The movement achieved its greatest receptivity in the U.S. during the mid-20th century, primarily within denominational traditions stemming from Reformation heritages such as Presbyterianism, those bodies of Lutheranism not professing strict confessionalism, and, to a lesser extent, the predecessor denominations of the present United Church of Christ. It was less influential among mainline Protestant groups with an Arminian theological orientation, such as the Methodist Church, the Episcopal Church, the Christian Church (Disciples of Christ), and the Northern Baptists, with many pastors in these denominations opting to continue the traditions of American religious liberalism (while others firmly took their stands with evangelicalism). Generally speaking, along with other strands of liberal-oriented Protestantism, it had a far greater following among ministers than laypeople, and within the clergy ranks, primarily among theological educators.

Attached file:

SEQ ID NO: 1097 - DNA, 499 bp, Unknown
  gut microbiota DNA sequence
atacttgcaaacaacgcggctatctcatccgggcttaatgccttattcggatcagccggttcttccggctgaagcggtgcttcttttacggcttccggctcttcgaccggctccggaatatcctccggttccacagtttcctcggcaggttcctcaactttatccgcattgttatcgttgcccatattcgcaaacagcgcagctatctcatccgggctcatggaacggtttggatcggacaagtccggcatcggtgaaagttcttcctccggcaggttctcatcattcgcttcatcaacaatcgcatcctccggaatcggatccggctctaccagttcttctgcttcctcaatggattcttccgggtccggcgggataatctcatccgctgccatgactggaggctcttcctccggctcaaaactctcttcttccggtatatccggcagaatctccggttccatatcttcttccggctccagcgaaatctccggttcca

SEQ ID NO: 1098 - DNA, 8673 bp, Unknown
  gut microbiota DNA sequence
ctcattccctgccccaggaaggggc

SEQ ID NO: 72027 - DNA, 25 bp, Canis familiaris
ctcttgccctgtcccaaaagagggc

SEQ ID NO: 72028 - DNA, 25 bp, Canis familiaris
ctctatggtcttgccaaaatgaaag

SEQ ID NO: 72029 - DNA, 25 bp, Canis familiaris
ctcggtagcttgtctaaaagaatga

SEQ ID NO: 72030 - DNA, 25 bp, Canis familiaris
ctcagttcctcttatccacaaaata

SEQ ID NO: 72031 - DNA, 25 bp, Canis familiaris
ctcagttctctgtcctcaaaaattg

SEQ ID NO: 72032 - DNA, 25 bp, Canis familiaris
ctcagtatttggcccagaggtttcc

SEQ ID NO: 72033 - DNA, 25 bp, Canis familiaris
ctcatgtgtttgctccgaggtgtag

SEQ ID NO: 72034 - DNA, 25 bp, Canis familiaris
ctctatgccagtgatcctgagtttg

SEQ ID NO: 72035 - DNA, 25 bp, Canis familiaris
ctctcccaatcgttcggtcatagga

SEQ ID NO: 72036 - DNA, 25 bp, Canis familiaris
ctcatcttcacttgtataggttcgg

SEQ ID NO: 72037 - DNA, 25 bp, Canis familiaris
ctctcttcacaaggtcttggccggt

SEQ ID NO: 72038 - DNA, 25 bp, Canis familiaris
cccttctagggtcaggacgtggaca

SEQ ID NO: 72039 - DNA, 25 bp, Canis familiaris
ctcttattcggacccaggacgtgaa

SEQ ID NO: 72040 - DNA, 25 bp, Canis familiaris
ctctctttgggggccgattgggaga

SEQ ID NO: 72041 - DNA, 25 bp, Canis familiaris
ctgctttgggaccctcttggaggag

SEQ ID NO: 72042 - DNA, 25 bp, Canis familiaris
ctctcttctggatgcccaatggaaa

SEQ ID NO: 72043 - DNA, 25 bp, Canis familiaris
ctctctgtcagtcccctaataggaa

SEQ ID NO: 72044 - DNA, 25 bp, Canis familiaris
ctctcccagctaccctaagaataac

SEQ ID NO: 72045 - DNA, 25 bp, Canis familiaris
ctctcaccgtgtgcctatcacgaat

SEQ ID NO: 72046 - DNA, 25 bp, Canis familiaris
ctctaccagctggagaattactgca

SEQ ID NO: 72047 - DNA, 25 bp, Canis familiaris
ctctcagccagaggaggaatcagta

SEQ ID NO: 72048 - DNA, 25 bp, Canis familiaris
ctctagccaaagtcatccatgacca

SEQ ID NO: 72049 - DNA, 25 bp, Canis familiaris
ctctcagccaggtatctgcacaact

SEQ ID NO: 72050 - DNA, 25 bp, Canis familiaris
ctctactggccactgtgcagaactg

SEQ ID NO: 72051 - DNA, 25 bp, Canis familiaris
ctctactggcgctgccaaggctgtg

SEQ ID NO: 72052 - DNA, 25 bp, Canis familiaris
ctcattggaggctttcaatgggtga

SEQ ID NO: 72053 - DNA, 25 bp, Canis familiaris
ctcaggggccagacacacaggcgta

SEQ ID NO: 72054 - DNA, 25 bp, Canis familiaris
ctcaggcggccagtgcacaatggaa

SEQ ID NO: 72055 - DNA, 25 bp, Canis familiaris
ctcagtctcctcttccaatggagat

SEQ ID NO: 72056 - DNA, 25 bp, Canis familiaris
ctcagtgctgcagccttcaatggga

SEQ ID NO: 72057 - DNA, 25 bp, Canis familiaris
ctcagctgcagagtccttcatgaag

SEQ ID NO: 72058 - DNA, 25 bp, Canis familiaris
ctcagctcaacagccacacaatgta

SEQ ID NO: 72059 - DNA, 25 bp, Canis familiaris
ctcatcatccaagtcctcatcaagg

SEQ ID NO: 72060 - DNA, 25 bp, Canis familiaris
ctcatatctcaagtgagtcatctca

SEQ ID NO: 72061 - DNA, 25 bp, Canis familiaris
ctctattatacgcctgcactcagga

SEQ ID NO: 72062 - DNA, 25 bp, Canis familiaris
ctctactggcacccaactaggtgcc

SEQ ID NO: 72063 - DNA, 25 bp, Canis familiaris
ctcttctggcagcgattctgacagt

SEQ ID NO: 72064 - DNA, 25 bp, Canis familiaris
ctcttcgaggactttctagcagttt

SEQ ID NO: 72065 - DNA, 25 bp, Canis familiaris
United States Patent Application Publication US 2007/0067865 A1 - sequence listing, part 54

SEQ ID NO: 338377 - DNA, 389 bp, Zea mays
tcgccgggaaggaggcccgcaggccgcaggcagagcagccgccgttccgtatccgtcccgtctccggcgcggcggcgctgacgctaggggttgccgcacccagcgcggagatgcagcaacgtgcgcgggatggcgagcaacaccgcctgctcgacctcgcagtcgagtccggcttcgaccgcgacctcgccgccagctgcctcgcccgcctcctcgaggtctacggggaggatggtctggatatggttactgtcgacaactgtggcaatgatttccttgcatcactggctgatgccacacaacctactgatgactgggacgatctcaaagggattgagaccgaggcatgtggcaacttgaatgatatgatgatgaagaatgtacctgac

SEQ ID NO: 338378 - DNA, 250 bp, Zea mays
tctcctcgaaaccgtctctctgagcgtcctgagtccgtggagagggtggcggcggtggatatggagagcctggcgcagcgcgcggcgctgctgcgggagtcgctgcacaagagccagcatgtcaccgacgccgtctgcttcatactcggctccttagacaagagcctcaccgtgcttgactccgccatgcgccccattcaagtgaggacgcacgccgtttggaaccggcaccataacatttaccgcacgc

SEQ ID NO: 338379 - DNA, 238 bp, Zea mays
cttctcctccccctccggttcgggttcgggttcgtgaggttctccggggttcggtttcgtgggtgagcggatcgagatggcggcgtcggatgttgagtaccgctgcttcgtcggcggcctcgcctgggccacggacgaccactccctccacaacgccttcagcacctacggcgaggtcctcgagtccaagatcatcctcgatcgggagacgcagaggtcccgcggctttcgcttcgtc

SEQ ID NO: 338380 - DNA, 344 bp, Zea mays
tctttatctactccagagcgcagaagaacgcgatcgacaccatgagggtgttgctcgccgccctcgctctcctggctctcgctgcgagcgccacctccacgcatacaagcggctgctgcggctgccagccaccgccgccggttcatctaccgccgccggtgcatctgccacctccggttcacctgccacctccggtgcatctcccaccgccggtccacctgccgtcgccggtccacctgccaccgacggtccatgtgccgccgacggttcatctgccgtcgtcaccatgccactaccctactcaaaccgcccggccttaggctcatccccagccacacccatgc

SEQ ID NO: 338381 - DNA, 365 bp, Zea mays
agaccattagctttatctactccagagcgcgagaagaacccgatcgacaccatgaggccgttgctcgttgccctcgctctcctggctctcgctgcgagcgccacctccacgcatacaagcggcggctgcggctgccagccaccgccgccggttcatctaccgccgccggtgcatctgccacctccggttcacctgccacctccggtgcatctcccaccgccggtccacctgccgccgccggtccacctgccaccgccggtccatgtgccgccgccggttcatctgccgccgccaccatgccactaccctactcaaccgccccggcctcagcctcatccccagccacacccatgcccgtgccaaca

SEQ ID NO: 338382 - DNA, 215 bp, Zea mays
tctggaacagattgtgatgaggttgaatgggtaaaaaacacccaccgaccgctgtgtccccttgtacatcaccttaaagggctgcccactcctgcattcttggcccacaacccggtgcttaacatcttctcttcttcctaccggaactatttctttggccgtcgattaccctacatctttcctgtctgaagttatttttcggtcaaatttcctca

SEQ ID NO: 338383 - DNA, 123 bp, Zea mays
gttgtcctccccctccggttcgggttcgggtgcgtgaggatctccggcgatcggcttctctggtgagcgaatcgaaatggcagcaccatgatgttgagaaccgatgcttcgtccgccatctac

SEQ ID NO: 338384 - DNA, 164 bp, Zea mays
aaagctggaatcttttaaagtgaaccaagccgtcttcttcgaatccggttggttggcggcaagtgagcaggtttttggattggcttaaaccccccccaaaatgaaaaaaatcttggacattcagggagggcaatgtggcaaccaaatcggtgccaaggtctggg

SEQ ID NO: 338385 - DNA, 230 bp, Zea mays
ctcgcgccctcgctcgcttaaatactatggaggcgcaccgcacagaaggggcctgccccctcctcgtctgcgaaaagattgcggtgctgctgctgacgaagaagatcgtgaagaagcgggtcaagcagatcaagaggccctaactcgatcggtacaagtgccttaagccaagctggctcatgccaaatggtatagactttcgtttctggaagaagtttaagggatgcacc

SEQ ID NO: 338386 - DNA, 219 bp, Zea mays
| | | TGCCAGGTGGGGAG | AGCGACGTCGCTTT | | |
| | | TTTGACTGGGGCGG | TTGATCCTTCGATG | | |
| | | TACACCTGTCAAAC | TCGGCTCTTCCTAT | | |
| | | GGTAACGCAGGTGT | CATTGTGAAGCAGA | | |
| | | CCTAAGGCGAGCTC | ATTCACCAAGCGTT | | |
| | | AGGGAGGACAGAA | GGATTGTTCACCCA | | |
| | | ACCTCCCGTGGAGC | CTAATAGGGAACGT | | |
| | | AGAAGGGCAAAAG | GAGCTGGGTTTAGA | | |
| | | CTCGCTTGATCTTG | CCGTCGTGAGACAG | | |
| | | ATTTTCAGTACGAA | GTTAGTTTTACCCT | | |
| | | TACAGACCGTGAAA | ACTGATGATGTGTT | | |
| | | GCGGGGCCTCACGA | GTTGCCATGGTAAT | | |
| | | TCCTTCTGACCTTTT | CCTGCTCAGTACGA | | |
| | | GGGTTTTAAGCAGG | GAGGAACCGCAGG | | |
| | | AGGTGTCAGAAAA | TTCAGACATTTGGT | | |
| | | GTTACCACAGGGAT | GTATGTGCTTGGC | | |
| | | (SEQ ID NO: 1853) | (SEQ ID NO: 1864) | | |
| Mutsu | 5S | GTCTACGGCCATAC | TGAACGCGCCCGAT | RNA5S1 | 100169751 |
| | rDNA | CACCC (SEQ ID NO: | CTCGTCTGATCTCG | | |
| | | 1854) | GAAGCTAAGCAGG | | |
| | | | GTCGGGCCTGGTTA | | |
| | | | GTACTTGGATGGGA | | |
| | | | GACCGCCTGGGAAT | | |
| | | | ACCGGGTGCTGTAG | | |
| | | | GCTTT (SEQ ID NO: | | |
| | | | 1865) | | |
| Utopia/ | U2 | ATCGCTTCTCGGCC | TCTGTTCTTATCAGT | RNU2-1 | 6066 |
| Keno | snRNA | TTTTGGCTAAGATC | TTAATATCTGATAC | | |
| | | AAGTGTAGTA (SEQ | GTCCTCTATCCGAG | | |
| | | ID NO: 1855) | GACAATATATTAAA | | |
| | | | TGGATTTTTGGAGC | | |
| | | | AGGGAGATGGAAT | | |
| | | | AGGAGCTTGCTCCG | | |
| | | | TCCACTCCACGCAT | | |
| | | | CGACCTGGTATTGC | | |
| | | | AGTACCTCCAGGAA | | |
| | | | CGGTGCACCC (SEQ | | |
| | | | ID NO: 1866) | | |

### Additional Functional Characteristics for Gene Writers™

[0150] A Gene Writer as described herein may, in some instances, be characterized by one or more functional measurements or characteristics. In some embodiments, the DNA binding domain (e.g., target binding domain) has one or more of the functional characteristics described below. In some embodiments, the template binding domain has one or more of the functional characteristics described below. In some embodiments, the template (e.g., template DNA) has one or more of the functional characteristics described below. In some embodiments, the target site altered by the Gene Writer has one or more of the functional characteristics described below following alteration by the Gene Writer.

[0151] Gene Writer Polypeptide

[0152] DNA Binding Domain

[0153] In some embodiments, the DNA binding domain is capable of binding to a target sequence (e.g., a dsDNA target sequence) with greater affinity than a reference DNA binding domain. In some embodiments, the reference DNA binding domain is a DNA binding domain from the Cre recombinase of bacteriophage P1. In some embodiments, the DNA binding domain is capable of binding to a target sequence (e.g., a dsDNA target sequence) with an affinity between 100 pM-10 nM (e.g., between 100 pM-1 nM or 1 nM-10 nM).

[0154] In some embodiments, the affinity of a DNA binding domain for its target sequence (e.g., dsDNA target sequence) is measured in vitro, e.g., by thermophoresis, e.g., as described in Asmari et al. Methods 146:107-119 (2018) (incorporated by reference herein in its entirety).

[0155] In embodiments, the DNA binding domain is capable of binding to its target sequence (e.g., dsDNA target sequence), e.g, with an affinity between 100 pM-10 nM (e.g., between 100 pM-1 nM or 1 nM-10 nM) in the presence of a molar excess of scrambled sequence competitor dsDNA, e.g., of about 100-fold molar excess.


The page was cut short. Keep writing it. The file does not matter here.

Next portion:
Recent critical scholarship
German scholars have recently begun to warn English-speaking (i.e., « the Anglo-American world ») scholarship against too serious an application of neo-orthodoxy as a theological paradigm, calling such use a « neo-orthodox reading » or « neo-orthodox misreading » of a theologian’s work, especially that of the always well-respected Karl Barth. Viewing Barth, his predecessors, and his contemporaries’ work in terms of historical forces and in relation to various earlier, shared, or later theological movements (e.g., theological paradigms) has, however, been and remains a valid method of scholarship.
- 從德國發起的一種重讀Barth運動。不過這個發展可以在也Stephen Long追溯Radical Orthodoxy的發展（ »Radical Orthodoxy », Cambridge Introduction of Postmodern theology, 2003, ed. Vanhoozer）中看到。
Important Figures of the Movement